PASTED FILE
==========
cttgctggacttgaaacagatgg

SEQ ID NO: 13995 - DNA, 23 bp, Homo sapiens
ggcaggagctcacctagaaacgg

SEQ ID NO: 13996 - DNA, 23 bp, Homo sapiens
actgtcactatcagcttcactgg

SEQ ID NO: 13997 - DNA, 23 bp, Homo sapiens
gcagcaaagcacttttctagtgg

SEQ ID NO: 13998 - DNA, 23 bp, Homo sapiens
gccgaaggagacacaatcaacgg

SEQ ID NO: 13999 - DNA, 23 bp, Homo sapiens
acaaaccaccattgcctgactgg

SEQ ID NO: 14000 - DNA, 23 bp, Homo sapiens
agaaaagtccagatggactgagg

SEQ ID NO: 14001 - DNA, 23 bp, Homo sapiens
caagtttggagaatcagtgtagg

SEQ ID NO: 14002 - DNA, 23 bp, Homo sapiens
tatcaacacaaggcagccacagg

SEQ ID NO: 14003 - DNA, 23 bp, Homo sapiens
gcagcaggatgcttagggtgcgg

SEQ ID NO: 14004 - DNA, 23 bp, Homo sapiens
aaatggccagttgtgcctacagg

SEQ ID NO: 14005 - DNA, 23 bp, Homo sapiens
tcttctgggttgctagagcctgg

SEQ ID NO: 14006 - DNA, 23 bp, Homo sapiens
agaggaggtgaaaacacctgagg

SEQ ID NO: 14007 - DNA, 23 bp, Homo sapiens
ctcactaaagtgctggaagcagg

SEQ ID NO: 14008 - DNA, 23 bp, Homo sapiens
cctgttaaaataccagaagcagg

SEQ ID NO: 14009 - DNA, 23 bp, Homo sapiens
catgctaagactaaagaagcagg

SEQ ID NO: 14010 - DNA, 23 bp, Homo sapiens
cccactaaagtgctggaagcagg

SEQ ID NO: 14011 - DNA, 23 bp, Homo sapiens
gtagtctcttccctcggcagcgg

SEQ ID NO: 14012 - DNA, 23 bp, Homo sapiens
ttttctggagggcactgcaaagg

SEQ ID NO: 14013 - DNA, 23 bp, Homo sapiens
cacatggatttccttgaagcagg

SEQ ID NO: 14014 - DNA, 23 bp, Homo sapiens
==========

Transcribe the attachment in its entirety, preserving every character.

cttgctggacttgaaacagatgg

SEQ ID NO: 13995 - DNA, 23 bp, Homo sapiens
ggcaggagctcacctagaaacgg

SEQ ID NO: 13996 - DNA, 23 bp, Homo sapiens
actgtcactatcagcttcactgg

SEQ ID NO: 13997 - DNA, 23 bp, Homo sapiens
gcagcaaagcacttttctagtgg

SEQ ID NO: 13998 - DNA, 23 bp, Homo sapiens
gccgaaggagacacaatcaacgg

SEQ ID NO: 13999 - DNA, 23 bp, Homo sapiens
acaaaccaccattgcctgactgg

SEQ ID NO: 14000 - DNA, 23 bp, Homo sapiens
agaaaagtccagatggactgagg

SEQ ID NO: 14001 - DNA, 23 bp, Homo sapiens
caagtttggagaatcagtgtagg

SEQ ID NO: 14002 - DNA, 23 bp, Homo sapiens
tatcaacacaaggcagccacagg

SEQ ID NO: 14003 - DNA, 23 bp, Homo sapiens
gcagcaggatgcttagggtgcgg

SEQ ID NO: 14004 - DNA, 23 bp, Homo sapiens
aaatggccagttgtgcctacagg

SEQ ID NO: 14005 - DNA, 23 bp, Homo sapiens
tcttctgggttgctagagcctgg

SEQ ID NO: 14006 - DNA, 23 bp, Homo sapiens
agaggaggtgaaaacacctgagg

SEQ ID NO: 14007 - DNA, 23 bp, Homo sapiens
ctcactaaagtgctggaagcagg

SEQ ID NO: 14008 - DNA, 23 bp, Homo sapiens
cctgttaaaataccagaagcagg

SEQ ID NO: 14009 - DNA, 23 bp, Homo sapiens
catgctaagactaaagaagcagg

SEQ ID NO: 14010 - DNA, 23 bp, Homo sapiens
cccactaaagtgctggaagcagg

SEQ ID NO: 14011 - DNA, 23 bp, Homo sapiens
gtagtctcttccctcggcagcgg

SEQ ID NO: 14012 - DNA, 23 bp, Homo sapiens
ttttctggagggcactgcaaagg

SEQ ID NO: 14013 - DNA, 23 bp, Homo sapiens
cacatggatttccttgaagcagg

SEQ ID NO: 14014 - DNA, 23 bp, Homo sapiens